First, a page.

Newham Council pays £61million to keep the homeless homeless as scale of housing crisis soars
PUBLISHED: 06:00 18 July 2018
There are 4,892 families without a permanent home in Newham, the highest figure for 10 years and a sign of the borough's growing homelessness crisis. EMMA YOULE reports in the first of our special Hidden Homeless series
Care worker Denise Ward’s dilapidated flat is infested with ants and has trails of slug slime glistening on the dirty bedroom walls, yet it costs the council £240 a week to rent.
The single mum, like thousands of others affected by Newham’s deepening housing crisis, has been in limbo for four years without a stable place to live.
She was made homeless in 2014 when the landlord of her Manor Park flat asked her to leave. No longer able to afford spiralling rents in Newham, the 37-year-old sought help from the council.
What followed have been soul-destroying years living in a B&B and cramped temporary flats where conditions have included damp and mouldy walls, shoddy electrics and mouse infestations.
It has taken a deep toll on Denise and her son Jayden, 11.
“Sometimes I just wonder when is this gonna stop,” she says. “When am I actually going to be settled? It just feels like I’m going round and round in circles.”
She is one of many families feeling the sharp end of the capital’s housing crisis.
The Recorder’s Hidden Homeless investigation has found:
- 4,892 homeless households in Newham are living in temporary flats, B&Bs and hostels.
- The figure is the highest in London and has risen 70 per cent since 2013.
- The cost to the council is huge with Newham paying £61million in 2016-17 to house the homeless in temporary accommodation.
- The annual bill has spiralled by 60 per cent in five years.
Some of this money is recouped from government but the rest comes from council coffers.
While people in temporary properties are not sleeping rough, they are without a permanent, stable home and make up by far the largest proportion of government’s homeless statistics.
Denise is grateful to have a roof over her head, but has been shocked by the condition of the flats she has been forced to live in and the steep rents private landlords charge the council.
The mum, who was working part-time as a school kitchen assistant when she first became homeless and now works for a care agency, is living in a two-bed Victorian conversion in Walthamstow rented by Newham.
“It costs too much, way too much, for what it is,” she says. “The place is definitely not up to scratch. It has got dirty carpets, when it rains I can see water seeping in through the bathroom floor, and I’m getting all sorts of bugs coming through my house. I get ants, and slugs in the bedroom and bathroom.
“A few months ago water was coming through the plug sockets and my son could hear a sparking noise. When I saw sparks flying out of the sockets I was shocked.”
The Recorder visited and saw shoddily fitted lights and plugs, broken door handles, half-painted walls covered in mould and damp, a rotting back door, and a slug in the bathroom.
“I really think it’s because the landlord is abroad in Kenya,” says Denise. “I think the agents say everything is going well and he has no way of monitoring that.”
But she believes the council should do more to vet properties and landlords before placing people into temporary flats, saying she has “been moved from one bad accommodation to another”.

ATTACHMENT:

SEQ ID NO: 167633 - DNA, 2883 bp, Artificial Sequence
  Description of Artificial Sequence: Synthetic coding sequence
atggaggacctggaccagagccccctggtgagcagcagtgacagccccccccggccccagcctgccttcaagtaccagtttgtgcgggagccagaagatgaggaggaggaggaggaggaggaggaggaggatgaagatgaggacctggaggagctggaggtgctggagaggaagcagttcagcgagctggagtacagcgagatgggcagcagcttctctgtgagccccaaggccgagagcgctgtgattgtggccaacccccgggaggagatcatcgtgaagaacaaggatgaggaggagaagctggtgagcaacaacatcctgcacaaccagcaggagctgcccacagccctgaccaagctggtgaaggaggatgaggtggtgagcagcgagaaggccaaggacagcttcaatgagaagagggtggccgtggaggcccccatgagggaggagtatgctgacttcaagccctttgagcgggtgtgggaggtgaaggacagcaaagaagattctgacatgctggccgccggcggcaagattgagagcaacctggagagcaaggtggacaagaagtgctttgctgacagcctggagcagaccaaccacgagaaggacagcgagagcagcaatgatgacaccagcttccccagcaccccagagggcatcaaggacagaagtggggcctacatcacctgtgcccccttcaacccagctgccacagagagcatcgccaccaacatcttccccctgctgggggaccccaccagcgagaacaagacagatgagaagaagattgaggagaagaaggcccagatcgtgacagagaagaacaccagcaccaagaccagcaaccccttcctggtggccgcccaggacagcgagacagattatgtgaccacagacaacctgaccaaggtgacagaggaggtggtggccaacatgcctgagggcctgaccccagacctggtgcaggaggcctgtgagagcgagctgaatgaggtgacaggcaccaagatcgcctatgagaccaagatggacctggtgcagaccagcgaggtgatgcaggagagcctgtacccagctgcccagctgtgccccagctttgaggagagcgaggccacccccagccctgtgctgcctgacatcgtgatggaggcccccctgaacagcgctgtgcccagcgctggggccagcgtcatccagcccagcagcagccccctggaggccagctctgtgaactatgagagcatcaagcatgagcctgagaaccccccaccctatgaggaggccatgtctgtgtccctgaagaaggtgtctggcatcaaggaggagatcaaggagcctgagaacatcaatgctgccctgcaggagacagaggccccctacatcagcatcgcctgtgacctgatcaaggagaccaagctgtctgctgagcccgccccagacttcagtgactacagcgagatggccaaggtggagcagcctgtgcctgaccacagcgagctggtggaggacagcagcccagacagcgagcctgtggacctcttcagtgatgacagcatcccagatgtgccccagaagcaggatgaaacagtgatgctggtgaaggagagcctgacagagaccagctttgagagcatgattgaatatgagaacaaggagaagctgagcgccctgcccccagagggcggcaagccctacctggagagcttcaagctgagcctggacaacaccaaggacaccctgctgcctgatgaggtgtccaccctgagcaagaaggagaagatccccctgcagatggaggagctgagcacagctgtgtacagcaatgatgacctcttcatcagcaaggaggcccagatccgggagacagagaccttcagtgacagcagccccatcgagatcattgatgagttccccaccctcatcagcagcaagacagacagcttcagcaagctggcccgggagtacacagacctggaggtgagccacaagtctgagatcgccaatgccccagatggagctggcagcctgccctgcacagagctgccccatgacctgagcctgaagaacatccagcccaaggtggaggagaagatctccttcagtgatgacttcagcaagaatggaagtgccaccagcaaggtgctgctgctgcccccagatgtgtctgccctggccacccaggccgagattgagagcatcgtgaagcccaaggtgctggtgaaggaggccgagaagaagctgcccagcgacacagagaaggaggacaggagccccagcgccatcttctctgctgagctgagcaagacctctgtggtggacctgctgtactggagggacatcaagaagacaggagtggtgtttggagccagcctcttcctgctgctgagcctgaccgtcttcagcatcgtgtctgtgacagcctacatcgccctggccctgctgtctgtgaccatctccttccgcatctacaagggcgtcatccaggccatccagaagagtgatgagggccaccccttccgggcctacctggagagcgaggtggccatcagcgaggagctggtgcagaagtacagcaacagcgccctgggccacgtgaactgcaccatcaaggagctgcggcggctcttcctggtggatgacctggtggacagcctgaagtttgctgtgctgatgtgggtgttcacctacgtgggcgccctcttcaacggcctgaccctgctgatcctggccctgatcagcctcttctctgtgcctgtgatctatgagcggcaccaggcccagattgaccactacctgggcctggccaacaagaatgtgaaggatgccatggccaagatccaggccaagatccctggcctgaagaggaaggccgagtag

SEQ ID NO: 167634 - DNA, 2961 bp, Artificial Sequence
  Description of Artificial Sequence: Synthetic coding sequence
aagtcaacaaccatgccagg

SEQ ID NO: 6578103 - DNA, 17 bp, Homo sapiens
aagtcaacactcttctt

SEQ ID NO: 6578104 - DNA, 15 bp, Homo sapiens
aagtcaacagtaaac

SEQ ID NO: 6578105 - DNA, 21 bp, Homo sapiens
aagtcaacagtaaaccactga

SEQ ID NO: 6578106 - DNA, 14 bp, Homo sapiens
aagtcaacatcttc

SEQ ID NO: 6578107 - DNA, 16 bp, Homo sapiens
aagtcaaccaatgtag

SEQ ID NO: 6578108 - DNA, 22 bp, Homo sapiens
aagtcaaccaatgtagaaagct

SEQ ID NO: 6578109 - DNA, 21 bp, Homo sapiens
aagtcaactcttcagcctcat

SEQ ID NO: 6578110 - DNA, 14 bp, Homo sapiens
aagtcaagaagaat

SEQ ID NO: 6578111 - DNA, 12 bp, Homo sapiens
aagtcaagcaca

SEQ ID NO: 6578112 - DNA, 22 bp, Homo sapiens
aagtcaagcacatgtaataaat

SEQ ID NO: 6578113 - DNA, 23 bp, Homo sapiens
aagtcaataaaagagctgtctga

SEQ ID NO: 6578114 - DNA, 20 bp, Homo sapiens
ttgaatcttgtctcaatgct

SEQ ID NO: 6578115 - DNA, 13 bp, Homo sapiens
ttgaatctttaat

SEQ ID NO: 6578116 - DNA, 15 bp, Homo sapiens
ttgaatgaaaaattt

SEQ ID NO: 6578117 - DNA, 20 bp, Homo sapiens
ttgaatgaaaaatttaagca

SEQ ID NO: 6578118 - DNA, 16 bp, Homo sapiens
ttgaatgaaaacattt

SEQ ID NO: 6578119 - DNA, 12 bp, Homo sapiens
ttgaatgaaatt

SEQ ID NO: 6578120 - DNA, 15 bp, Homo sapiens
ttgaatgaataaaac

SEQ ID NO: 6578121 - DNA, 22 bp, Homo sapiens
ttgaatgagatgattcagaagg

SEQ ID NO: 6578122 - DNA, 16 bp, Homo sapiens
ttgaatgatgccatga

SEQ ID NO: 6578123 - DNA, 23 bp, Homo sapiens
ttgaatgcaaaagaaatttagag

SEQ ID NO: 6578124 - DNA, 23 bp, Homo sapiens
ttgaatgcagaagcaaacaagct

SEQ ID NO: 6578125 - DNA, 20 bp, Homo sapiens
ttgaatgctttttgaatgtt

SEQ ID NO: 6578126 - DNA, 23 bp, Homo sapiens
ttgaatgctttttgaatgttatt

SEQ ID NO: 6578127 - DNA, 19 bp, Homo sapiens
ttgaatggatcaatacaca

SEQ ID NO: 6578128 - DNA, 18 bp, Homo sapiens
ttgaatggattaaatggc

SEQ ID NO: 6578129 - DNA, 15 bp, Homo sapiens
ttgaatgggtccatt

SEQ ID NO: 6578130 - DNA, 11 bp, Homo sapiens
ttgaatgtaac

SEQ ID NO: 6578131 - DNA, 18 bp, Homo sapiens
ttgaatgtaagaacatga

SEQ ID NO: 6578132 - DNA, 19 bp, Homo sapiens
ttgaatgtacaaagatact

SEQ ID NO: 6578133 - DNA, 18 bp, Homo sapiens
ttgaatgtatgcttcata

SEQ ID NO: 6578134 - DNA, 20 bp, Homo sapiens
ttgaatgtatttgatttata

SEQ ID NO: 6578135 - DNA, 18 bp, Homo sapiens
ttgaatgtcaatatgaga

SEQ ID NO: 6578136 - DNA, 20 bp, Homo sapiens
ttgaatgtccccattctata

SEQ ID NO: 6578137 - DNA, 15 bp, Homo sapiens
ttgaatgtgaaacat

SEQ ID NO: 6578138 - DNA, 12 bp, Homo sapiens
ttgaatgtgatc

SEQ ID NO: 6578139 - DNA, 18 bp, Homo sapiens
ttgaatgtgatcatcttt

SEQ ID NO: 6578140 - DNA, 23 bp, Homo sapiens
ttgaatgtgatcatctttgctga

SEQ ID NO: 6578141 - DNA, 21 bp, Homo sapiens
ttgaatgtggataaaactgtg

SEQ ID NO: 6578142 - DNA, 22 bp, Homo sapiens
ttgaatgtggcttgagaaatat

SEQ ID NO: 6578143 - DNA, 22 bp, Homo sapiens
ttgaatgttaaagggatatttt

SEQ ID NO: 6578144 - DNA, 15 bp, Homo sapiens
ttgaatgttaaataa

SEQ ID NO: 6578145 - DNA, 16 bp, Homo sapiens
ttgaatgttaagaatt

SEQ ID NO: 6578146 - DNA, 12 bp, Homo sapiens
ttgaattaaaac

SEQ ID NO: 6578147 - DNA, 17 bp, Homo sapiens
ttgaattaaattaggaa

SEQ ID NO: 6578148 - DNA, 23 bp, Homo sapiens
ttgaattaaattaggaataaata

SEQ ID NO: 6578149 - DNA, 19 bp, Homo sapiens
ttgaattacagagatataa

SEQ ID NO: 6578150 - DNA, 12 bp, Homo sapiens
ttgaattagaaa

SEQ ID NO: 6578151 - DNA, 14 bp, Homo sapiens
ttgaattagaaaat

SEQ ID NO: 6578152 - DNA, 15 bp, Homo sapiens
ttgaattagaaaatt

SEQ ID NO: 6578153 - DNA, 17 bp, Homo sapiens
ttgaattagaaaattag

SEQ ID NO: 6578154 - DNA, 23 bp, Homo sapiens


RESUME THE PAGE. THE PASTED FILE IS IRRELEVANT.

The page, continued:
Although the squalid conditions have been tough, Denise and her son have found the instability of their housing situation the hardest to handle.
Jayden was only seven when they were first placed in a B&B in Leytonstone in 2014 and then onto a one bed flat in Newbury Park, where they had to sleep in the same bed for more than two years.
“For me it was very depressing, but for my son, he started to lash out and show behavioural issues,” says Denise. “He used to be a very calm boy before but after that it just made his behaviour erratic.”
Four years later, she is no nearer to finding a home in the borough - with an eight year average wait for two bedroom council properties in Newham.
There are 27,228 households on the council housing register and 9,753 Newham council properties have been lost to Right to Buy since the 1980s.
Born and bred in Newham, Denise is reluctant to move out of London and away from her family, her son’s school, and her job in Tower Hamlets.
Without any other option, she continues to hope a council flat will become available.
“I think society has become negligent,” she says. “I think this government are about the rich people and they’re only interested if you can afford your own property in London. We need to build more council properties.
“That will give people more of a chance to get on the property ladder and then they will feel that there’s more hope for them.”
Mayor of Newham: ‘We are at crisis point. Landlords can hike up rent due to demand’
Mayor of Newham Rokhshana Fiaz said: “Soaring rents, a skewed housing market and stagnant wages are fuelling the housing crisis we are seeing in Newham and across London.
“The government’s whole approach to housing has starved local government of funds to build affordable housing, and Right to Buy is causing real problems.
“In Newham, we have lost 1,178 social rent council homes over the last eight years and it is one of the reasons why the number of genuinely affordable homes we have has declined. “Until we can change that, we have little choice but to house our residents in expensive temporary accommodation which is not ideal at all.
“The lack of social rent or genuinely affordable housing also means private sector landlords take advantage of this housing demand with many hiking up their rents to a level that many of our residents can’t afford. We are at crisis point which is why we have to tackle it head on.”
NEXT in our special series of Hidden Homeless reports: 3,000 homeless households moved out of Newham, to places as far away as Birmingham and Thurrock